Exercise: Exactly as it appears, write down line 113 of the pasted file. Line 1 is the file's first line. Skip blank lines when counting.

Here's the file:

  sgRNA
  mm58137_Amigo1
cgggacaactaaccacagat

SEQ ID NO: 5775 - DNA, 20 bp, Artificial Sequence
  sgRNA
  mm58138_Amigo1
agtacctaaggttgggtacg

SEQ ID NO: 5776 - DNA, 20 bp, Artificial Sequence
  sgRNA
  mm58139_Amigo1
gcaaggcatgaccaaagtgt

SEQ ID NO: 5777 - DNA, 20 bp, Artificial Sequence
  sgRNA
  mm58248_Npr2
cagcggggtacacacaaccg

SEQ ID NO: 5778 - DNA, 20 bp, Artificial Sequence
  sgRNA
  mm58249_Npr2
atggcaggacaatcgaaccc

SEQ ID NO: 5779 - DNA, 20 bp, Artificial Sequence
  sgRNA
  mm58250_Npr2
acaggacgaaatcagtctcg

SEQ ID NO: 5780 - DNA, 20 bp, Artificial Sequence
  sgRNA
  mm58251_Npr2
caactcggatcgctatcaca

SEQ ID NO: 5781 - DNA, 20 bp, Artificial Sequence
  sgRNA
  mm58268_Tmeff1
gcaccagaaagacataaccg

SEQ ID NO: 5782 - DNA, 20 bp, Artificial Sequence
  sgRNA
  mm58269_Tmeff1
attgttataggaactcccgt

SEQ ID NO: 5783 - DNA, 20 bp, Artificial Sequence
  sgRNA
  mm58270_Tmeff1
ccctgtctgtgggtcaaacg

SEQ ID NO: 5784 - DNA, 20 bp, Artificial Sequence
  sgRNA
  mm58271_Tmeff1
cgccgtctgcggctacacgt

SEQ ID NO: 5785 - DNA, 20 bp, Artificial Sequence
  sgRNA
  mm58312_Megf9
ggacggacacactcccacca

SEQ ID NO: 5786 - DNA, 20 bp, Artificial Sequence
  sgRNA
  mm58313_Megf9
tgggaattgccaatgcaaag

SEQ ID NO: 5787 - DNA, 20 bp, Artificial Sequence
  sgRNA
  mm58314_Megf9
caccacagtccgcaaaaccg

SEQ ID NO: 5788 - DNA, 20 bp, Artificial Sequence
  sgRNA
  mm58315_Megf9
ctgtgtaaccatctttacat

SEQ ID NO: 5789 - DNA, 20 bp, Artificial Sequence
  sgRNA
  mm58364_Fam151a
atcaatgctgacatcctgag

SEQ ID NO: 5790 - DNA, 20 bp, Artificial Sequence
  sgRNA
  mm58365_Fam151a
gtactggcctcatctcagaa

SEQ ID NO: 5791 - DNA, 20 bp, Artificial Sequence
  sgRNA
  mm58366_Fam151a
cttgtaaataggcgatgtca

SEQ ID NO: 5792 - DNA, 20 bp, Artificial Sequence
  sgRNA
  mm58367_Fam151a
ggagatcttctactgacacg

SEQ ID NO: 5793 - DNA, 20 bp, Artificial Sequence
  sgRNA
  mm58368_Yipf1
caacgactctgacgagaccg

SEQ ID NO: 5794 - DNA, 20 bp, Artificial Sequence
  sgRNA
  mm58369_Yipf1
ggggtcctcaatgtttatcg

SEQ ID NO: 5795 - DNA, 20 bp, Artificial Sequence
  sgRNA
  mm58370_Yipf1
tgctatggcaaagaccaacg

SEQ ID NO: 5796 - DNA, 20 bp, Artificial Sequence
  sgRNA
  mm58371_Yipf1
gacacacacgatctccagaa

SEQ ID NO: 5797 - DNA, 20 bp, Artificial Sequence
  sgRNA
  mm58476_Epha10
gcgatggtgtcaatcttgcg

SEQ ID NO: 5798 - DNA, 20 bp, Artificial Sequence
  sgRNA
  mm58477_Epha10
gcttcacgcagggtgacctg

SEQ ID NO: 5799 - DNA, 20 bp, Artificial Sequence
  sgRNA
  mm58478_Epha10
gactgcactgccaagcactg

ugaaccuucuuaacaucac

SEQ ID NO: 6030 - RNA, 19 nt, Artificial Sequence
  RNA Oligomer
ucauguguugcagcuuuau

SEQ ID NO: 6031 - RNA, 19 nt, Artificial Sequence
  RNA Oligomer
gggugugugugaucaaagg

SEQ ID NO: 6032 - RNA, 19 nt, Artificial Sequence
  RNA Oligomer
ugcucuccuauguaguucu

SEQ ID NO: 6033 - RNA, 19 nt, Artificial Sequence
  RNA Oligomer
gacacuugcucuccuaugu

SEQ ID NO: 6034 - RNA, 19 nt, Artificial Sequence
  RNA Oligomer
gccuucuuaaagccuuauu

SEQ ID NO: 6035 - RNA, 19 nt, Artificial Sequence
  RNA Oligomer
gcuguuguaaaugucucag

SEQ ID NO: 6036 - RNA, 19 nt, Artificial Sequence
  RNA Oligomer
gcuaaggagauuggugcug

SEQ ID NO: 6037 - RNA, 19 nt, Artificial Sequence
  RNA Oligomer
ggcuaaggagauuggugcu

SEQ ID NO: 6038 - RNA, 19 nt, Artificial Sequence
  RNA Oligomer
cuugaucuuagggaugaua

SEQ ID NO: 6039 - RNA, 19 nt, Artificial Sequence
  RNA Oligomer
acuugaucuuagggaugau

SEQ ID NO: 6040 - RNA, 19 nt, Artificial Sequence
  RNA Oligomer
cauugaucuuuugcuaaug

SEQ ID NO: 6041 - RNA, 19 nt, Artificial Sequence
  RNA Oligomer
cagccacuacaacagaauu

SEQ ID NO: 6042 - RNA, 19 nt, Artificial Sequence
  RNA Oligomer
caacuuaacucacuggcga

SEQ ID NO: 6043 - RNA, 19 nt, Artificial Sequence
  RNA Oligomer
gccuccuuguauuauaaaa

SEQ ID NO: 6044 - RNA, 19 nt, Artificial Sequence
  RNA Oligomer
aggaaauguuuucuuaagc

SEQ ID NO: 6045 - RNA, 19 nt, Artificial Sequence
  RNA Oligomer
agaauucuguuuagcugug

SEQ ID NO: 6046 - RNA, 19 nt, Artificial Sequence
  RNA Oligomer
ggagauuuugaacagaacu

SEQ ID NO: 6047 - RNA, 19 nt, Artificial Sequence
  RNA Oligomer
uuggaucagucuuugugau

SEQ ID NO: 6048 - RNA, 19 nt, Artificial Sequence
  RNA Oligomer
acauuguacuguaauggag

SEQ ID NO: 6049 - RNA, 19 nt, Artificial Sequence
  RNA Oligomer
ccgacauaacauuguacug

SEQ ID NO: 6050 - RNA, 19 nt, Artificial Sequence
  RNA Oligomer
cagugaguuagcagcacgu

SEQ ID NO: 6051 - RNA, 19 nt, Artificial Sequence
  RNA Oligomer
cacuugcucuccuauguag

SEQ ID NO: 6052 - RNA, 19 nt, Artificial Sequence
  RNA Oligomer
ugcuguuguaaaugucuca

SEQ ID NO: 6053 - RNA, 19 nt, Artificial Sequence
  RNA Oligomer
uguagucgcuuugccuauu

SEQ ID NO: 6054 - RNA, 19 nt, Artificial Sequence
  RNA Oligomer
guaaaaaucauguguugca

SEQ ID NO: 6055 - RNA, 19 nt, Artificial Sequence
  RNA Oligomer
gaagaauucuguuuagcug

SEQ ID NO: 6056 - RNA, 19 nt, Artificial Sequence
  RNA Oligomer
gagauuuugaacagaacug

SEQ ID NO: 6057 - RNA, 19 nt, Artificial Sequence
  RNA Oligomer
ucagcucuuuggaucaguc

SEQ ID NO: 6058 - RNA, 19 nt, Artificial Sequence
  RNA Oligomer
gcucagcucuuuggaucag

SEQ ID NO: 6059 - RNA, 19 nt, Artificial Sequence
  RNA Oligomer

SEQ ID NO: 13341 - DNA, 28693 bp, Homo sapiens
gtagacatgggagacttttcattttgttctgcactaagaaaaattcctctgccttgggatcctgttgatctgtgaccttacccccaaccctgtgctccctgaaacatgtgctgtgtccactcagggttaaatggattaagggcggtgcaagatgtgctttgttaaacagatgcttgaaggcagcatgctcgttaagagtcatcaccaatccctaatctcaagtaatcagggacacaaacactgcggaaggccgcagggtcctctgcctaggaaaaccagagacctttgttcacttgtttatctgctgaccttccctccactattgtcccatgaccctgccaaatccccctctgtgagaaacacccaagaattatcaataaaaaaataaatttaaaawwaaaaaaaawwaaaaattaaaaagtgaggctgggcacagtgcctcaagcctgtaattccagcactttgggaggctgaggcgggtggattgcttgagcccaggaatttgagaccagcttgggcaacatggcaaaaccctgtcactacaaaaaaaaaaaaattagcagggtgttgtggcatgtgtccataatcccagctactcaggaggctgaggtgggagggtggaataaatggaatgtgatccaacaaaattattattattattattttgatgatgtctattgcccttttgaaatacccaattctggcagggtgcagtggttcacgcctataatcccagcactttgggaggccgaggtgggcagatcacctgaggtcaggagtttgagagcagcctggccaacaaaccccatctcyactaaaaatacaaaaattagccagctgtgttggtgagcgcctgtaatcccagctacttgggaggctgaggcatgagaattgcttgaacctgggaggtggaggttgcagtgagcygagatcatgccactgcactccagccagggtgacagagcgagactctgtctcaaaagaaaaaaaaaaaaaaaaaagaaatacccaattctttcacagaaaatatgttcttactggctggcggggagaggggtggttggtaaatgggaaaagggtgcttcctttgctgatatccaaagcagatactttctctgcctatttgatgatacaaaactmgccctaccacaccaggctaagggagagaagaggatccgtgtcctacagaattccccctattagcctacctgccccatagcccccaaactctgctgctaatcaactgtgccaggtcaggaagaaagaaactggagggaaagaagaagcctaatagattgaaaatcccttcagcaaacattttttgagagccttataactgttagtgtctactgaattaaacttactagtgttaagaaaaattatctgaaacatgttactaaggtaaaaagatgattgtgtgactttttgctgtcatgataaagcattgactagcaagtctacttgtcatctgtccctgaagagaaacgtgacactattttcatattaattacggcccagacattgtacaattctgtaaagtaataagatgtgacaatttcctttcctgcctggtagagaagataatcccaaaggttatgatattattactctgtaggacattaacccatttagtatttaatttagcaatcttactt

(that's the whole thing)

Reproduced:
ugcucuccuauguaguucu